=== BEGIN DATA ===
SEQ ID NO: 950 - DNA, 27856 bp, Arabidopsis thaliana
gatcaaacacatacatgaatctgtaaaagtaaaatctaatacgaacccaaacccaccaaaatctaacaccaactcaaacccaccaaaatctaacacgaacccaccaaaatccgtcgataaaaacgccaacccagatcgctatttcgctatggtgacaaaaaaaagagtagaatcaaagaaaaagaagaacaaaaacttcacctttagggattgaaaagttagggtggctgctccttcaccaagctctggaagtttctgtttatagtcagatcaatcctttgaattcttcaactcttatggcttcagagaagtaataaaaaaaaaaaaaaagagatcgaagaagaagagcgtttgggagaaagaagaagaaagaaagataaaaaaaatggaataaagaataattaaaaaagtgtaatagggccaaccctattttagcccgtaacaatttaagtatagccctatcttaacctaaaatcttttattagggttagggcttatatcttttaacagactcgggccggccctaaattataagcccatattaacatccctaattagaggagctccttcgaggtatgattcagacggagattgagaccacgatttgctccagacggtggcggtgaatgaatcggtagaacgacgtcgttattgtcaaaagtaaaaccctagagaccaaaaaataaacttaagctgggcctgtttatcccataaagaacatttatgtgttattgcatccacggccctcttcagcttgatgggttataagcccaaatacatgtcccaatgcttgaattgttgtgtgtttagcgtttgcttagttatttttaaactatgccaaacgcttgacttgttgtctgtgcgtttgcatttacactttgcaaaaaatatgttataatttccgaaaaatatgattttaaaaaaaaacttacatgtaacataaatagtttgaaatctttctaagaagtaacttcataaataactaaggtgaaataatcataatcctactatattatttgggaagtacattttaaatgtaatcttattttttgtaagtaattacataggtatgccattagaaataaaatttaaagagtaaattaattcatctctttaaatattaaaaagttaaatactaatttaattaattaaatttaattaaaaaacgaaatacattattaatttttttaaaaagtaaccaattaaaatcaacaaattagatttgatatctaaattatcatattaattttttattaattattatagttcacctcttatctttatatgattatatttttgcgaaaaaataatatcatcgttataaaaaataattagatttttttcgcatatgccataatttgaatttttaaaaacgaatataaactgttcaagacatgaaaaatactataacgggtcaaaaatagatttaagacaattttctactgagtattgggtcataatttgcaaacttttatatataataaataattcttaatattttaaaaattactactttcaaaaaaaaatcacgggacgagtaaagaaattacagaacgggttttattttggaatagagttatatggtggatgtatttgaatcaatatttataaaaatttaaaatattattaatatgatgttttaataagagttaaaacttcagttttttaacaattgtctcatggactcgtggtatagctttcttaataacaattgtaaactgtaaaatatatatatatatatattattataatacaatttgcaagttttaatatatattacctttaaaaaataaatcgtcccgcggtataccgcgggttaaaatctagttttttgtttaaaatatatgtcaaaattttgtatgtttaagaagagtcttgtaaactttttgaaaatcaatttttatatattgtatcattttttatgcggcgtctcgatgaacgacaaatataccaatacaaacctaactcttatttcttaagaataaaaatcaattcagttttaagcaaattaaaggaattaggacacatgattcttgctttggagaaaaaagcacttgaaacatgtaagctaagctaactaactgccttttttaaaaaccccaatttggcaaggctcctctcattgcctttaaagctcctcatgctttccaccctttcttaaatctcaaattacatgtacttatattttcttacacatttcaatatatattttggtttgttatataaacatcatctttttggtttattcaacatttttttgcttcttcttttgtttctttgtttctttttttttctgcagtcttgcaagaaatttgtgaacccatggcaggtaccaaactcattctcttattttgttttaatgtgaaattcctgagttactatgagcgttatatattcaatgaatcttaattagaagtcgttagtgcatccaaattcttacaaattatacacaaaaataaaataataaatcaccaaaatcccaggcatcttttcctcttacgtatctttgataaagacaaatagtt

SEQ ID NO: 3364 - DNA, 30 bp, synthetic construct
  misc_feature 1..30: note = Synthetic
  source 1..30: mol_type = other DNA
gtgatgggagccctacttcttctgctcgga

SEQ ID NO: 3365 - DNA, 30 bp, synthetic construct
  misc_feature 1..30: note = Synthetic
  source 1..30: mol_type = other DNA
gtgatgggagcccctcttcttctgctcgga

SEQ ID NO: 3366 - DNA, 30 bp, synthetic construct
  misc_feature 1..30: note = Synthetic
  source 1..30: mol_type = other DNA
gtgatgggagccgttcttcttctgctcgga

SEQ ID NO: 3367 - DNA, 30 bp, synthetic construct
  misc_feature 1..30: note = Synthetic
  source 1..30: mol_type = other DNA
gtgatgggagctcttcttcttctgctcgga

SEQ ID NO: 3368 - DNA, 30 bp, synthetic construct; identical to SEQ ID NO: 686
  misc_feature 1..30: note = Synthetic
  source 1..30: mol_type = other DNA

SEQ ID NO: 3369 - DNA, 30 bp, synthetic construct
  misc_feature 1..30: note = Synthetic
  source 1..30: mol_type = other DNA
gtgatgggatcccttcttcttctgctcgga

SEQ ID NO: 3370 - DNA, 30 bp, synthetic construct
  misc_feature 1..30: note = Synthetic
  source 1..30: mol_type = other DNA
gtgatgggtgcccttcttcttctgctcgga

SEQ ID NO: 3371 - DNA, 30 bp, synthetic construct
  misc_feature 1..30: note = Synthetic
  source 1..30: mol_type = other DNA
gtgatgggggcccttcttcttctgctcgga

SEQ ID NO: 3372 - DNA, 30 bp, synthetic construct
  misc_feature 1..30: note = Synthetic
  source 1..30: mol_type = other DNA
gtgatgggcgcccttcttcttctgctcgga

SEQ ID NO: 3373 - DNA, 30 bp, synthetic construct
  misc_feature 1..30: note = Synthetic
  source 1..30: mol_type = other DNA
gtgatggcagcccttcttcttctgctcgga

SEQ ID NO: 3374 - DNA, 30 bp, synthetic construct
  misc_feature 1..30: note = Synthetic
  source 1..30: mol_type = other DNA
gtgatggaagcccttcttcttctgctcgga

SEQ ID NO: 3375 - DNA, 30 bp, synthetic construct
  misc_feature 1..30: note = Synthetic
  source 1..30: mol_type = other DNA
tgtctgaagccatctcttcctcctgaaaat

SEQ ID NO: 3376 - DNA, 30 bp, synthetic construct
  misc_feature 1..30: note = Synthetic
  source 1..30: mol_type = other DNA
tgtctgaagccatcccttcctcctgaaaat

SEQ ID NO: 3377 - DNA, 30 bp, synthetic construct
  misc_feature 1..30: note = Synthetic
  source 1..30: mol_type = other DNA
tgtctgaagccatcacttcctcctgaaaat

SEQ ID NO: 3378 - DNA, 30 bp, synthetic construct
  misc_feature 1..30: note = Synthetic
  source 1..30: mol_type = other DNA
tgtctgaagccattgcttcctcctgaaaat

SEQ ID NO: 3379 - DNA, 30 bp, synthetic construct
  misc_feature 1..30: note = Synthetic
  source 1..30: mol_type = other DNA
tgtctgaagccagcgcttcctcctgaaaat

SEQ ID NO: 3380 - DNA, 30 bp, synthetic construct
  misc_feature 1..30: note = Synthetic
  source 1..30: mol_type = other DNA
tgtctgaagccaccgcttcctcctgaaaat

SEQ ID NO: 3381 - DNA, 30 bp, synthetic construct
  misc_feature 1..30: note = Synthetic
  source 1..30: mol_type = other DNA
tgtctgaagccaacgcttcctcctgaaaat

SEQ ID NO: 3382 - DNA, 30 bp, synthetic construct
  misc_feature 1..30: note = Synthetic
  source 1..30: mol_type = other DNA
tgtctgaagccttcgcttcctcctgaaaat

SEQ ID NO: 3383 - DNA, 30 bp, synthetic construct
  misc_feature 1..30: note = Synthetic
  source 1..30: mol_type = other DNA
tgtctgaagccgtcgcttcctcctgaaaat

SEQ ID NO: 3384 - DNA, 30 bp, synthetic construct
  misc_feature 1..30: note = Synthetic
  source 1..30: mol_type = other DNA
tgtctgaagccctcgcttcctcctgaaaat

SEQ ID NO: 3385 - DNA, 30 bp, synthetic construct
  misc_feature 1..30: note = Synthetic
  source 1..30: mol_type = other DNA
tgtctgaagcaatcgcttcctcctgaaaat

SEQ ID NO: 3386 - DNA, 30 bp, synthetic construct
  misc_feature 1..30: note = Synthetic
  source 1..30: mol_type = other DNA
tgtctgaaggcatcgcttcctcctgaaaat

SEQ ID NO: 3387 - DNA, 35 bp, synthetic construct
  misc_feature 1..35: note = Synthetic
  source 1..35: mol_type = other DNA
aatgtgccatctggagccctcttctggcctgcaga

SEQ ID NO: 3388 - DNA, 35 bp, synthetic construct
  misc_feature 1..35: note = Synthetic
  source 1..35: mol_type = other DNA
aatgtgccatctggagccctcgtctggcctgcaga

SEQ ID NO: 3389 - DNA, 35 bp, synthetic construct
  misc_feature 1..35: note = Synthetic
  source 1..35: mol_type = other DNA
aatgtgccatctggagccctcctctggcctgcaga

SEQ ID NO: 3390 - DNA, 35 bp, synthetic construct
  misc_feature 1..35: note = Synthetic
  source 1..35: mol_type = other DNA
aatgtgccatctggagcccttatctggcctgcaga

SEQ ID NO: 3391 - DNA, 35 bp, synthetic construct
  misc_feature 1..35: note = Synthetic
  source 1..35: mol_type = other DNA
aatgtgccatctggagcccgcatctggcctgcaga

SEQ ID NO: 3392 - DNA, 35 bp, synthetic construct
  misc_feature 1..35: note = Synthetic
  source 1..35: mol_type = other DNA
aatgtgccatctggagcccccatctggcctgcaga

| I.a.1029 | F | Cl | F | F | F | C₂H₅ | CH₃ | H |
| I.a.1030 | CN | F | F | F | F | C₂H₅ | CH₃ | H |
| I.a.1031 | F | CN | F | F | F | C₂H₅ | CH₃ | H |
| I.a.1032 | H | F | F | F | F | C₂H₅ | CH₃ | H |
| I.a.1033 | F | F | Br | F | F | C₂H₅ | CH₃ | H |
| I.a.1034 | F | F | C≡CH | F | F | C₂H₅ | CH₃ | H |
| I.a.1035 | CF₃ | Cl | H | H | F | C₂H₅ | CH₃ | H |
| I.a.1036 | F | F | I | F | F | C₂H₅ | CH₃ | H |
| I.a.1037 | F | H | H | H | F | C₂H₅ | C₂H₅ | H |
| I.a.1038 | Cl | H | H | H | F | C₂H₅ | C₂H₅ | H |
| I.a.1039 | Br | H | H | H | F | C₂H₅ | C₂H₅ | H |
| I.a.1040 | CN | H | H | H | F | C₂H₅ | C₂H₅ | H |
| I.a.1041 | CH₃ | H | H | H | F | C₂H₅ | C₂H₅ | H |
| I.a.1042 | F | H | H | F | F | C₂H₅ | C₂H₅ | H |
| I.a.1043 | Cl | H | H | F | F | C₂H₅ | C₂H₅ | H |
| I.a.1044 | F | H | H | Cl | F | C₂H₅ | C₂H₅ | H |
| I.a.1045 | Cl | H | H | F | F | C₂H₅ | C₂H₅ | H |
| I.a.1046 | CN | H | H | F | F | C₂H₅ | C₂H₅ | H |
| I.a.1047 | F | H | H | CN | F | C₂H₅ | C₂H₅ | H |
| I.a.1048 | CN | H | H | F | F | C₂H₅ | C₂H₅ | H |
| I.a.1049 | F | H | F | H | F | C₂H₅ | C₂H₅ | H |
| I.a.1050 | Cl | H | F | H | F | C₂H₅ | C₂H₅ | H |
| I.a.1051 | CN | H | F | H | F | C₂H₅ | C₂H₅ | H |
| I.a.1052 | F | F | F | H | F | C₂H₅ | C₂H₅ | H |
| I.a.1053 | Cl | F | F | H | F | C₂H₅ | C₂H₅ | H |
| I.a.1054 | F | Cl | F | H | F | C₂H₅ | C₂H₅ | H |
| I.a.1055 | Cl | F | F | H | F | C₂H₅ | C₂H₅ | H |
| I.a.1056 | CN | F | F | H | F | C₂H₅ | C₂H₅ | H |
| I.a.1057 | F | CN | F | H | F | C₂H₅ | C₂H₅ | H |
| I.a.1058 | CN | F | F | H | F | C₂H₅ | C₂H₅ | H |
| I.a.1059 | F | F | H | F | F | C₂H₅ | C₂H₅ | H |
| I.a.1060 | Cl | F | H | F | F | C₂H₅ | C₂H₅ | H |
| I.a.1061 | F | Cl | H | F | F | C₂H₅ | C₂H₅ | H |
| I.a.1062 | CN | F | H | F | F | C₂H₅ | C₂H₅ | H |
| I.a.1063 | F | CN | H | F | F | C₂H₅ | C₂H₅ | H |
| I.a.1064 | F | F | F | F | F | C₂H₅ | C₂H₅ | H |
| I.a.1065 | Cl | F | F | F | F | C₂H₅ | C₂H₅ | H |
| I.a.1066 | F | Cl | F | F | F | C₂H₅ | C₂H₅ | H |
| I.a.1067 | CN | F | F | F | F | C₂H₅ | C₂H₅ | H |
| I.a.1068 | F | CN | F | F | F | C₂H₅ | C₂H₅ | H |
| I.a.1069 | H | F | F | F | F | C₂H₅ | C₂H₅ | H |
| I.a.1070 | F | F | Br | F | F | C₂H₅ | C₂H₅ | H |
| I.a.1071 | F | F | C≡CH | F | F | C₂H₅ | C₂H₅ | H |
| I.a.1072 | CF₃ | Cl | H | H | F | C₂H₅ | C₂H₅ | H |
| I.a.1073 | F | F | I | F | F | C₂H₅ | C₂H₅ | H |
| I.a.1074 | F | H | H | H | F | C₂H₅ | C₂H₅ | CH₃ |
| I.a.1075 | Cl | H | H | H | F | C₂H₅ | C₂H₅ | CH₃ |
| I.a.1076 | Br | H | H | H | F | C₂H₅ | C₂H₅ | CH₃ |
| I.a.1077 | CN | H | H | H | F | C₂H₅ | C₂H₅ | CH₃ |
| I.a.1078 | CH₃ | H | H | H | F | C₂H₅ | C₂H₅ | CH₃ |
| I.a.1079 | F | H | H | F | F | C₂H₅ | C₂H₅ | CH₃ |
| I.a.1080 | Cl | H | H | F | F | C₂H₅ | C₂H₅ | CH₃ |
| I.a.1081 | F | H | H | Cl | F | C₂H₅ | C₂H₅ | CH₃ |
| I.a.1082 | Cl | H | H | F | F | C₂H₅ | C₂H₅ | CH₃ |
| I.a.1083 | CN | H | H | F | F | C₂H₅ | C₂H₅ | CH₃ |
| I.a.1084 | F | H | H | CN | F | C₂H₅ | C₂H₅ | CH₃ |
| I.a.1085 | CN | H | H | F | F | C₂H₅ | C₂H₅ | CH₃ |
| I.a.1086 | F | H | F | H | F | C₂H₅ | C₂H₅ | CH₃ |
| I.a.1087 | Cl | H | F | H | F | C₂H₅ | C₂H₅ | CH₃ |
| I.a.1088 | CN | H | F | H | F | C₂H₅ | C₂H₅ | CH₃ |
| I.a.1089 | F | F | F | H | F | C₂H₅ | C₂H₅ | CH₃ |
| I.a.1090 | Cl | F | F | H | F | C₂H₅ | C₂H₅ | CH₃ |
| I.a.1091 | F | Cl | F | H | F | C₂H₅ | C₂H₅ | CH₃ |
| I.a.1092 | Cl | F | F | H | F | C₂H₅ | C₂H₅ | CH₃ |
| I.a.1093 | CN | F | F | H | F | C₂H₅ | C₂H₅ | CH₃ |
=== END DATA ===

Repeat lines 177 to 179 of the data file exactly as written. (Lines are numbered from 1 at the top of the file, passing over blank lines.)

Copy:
| I.a.1088 | CN | H | F | H | F | C₂H₅ | C₂H₅ | CH₃ |
| I.a.1089 | F | F | F | H | F | C₂H₅ | C₂H₅ | CH₃ |
| I.a.1090 | Cl | F | F | H | F | C₂H₅ | C₂H₅ | CH₃ |